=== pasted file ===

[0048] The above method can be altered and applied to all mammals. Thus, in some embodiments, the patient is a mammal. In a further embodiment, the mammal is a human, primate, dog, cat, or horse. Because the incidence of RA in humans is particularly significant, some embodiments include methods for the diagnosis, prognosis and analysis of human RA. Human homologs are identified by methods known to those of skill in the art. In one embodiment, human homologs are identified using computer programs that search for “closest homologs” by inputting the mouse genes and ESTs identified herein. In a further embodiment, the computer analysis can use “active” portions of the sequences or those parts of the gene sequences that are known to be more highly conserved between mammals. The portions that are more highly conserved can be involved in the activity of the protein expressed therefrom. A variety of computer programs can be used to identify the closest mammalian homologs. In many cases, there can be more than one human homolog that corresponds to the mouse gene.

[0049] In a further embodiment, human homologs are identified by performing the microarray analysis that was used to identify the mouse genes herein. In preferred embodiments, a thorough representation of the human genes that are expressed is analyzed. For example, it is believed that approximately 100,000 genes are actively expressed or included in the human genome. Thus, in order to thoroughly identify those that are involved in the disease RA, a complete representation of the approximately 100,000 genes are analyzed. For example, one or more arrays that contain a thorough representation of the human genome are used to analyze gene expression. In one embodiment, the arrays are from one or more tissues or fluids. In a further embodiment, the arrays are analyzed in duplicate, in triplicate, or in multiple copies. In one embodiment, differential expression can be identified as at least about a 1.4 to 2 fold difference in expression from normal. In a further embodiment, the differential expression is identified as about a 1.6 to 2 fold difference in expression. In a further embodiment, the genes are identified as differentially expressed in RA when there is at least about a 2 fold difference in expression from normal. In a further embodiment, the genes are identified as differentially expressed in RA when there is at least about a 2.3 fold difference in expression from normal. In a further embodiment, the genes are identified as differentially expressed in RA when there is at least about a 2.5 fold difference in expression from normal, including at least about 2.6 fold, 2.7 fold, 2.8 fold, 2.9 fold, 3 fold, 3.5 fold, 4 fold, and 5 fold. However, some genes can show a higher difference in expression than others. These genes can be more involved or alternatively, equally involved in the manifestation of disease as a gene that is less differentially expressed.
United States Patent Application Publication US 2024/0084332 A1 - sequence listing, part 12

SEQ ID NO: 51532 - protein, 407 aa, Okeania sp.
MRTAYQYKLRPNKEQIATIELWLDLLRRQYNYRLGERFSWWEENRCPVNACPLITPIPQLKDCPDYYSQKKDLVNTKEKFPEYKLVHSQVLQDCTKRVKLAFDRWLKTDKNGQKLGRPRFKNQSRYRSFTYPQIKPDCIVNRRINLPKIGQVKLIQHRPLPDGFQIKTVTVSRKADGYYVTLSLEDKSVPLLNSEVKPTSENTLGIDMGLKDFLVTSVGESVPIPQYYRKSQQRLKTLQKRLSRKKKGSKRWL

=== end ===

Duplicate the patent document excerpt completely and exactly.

[0048] The above method can be altered and applied to all mammals. Thus, in some embodiments, the patient is a mammal. In a further embodiment, the mammal is a human, primate, dog, cat, or horse. Because the incidence of RA in humans is particularly significant, some embodiments include methods for the diagnosis, prognosis and analysis of human RA. Human homologs are identified by methods known to those of skill in the art. In one embodiment, human homologs are identified using computer programs that search for “closest homologs” by inputting the mouse genes and ESTs identified herein. In a further embodiment, the computer analysis can use “active” portions of the sequences or those parts of the gene sequences that are known to be more highly conserved between mammals. The portions that are more highly conserved can be involved in the activity of the protein expressed therefrom. A variety of computer programs can be used to identify the closest mammalian homologs. In many cases, there can be more than one human homolog that corresponds to the mouse gene.

[0049] In a further embodiment, human homologs are identified by performing the microarray analysis that was used to identify the mouse genes herein. In preferred embodiments, a thorough representation of the human genes that are expressed is analyzed. For example, it is believed that approximately 100,000 genes are actively expressed or included in the human genome. Thus, in order to thoroughly identify those that are involved in the disease RA, a complete representation of the approximately 100,000 genes are analyzed. For example, one or more arrays that contain a thorough representation of the human genome are used to analyze gene expression. In one embodiment, the arrays are from one or more tissues or fluids. In a further embodiment, the arrays are analyzed in duplicate, in triplicate, or in multiple copies. In one embodiment, differential expression can be identified as at least about a 1.4 to 2 fold difference in expression from normal. In a further embodiment, the differential expression is identified as about a 1.6 to 2 fold difference in expression. In a further embodiment, the genes are identified as differentially expressed in RA when there is at least about a 2 fold difference in expression from normal. In a further embodiment, the genes are identified as differentially expressed in RA when there is at least about a 2.3 fold difference in expression from normal. In a further embodiment, the genes are identified as differentially expressed in RA when there is at least about a 2.5 fold difference in expression from normal, including at least about 2.6 fold, 2.7 fold, 2.8 fold, 2.9 fold, 3 fold, 3.5 fold, 4 fold, and 5 fold. However, some genes can show a higher difference in expression than others. These genes can be more involved or alternatively, equally involved in the manifestation of disease as a gene that is less differentially expressed.
United States Patent Application Publication US 2024/0084332 A1 - sequence listing, part 12

SEQ ID NO: 51532 - protein, 407 aa, Okeania sp.
MRTAYQYKLRPNKEQIATIELWLDLLRRQYNYRLGERFSWWEENRCPVNACPLITPIPQLKDCPDYYSQKKDLVNTKEKFPEYKLVHSQVLQDCTKRVKLAFDRWLKTDKNGQKLGRPRFKNQSRYRSFTYPQIKPDCIVNRRINLPKIGQVKLIQHRPLPDGFQIKTVTVSRKADGYYVTLSLEDKSVPLLNSEVKPTSENTLGIDMGLKDFLVTSVGESVPIPQYYRKSQQRLKTLQKRLSRKKKGSKRWL